calculating one or more range bins disposed at a ground interception point and between at least one near and far boundary point of an antenna elevation beam to selectively determine one or more range segments from one or more targets of interest;

adaptively applying range super resolution processing to said selectively determined one or more range segments to obtain a range of target scatter locations;

estimating a monopulse angle bin from said obtained range of target scatter locations and one or more control inputs;

adaptively applying elevation and azimuth angular binning to said estimated monopulse angle bin to obtain a smaller coverage area among one or more possible target areas;

selecting one or more shortest-range bins in a two-dimensional (2D) azimuth and elevation grid from said smaller coverage area; and

generating said target data output matrix from said selected one or more shortest-range bins in said two-dimensional (2D) azimuth and elevation grid.

Description

The present invention is related to the following commonly-owned, co-pending United States Patent Application, the entire contents and disclosure is expressly incorporated by reference herein as if fully set forth herein: U.S. patent application Ser. No. 12/233,173 filed on Sep. 19, 2008, for “RANGE AND AZIMUTH RESOLUTION ENHANCEMENT FOR REAL-BEAM RADAR.”

The present invention generally relates to monopulse radar systems and, more particularly, to a novel technique for enhancing range resolution and angle estimation resolution data employed in terrain morphing applications for use in rotorcraft brownout take-off and landing aid systems.

It is well known that helicopters have an advantage over fixed-wing aircraft in that they can land in many places that fixed-wing aircraft cannot. However, helicopters must contend with a plethora of obstacles in take off and landing operations beyond the typical ground hazard or foul weather. For example, one of the most dangerous aspects of flying helicopters involves landing in desert-like environments. In a desert-like environment or in dry terrain marked with sparse vegetation or ground covering, brownouts can occur when attempting to land on dusty terrain. A brownout occurs as a result of the downwash created as the rotors of the helicopter pick up dust or dirt on the ground, reducing significantly the pilot's visibility caused by spatial disorientation.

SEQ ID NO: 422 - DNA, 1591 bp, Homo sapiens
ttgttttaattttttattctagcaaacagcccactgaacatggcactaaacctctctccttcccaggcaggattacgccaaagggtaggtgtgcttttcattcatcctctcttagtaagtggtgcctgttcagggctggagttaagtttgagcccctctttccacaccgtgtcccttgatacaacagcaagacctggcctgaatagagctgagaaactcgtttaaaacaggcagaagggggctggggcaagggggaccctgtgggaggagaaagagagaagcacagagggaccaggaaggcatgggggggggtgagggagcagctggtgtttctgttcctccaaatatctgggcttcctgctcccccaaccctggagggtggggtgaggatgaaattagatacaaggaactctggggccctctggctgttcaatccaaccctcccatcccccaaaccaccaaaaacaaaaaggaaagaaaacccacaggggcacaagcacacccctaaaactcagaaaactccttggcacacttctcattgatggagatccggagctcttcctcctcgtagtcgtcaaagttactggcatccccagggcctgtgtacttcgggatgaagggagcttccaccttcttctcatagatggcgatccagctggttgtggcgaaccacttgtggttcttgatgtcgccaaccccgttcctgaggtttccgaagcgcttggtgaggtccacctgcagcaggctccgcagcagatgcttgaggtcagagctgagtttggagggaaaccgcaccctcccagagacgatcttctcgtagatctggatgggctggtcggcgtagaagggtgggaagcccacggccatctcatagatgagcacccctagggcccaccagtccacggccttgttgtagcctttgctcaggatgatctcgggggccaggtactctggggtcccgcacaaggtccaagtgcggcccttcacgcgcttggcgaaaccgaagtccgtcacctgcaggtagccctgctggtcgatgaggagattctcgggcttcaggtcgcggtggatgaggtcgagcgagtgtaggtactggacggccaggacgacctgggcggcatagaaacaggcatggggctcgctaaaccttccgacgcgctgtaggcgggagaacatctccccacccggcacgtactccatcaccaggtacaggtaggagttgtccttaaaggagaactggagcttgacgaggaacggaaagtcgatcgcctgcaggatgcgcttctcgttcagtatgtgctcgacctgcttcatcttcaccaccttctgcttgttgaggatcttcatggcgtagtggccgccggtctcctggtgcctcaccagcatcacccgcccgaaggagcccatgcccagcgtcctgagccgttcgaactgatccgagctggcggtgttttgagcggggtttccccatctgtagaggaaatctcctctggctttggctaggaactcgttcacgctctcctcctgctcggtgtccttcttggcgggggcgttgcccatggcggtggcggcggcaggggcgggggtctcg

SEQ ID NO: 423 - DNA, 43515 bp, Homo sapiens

To address this problem rotorcraft brownout take-off and landing aid systems employ radar systems that can detect terrain and obstacles allowing pilots to maintain orientation with the terrain and provide situational awareness. In such conventional radar systems employed by brownout take-off and landing aid systems, an amplitude comparison monopulse technique for angle estimation has been suggested. However, angle resolution of an amplitude comparison technique is limited by antenna beamwidth. For example, if multiple scatters exist in the same range bin and at the same azimuth angle, it provides only one elevation angle output that is an estimate of the weighted average of all scatters for an actual elevation angle. Hence, this conventional technique can only be used in one individual dimension and does not deal with data output for terrain morphing applications.

Therefore, having set forth the limitations of the prior art, it is clear that what is required is a signal processing approach to enhance angle estimation resolution without requiring modification of radar front-end.

The present invention describes a method of reducing range and angular ambiguities in a target data matrix output from a real beam monopulse radar sensor within a single beam for use in terrain morphing applications employed by brownout take-off and landing aid systems.

Specifically, one or more range bins are calculated to selectively determine one or more range segments from one or more targets of interest. Next, range super resolution processing is employed to the selectively determined one or more range segments to obtain a range of target scatter locations. A monopulse angle bin is estimated from the obtained range of target scatter locations and one or more control inputs. Elevation and azimuth angular binning is then applied to the estimated monopulse angle bin to obtain a smaller coverage area among one or more possible target areas. One or more shortest-range bins in a two-dimensional (2D) azimuth and elevation grid is selected from the smaller coverage area, which generate the target data output matrix.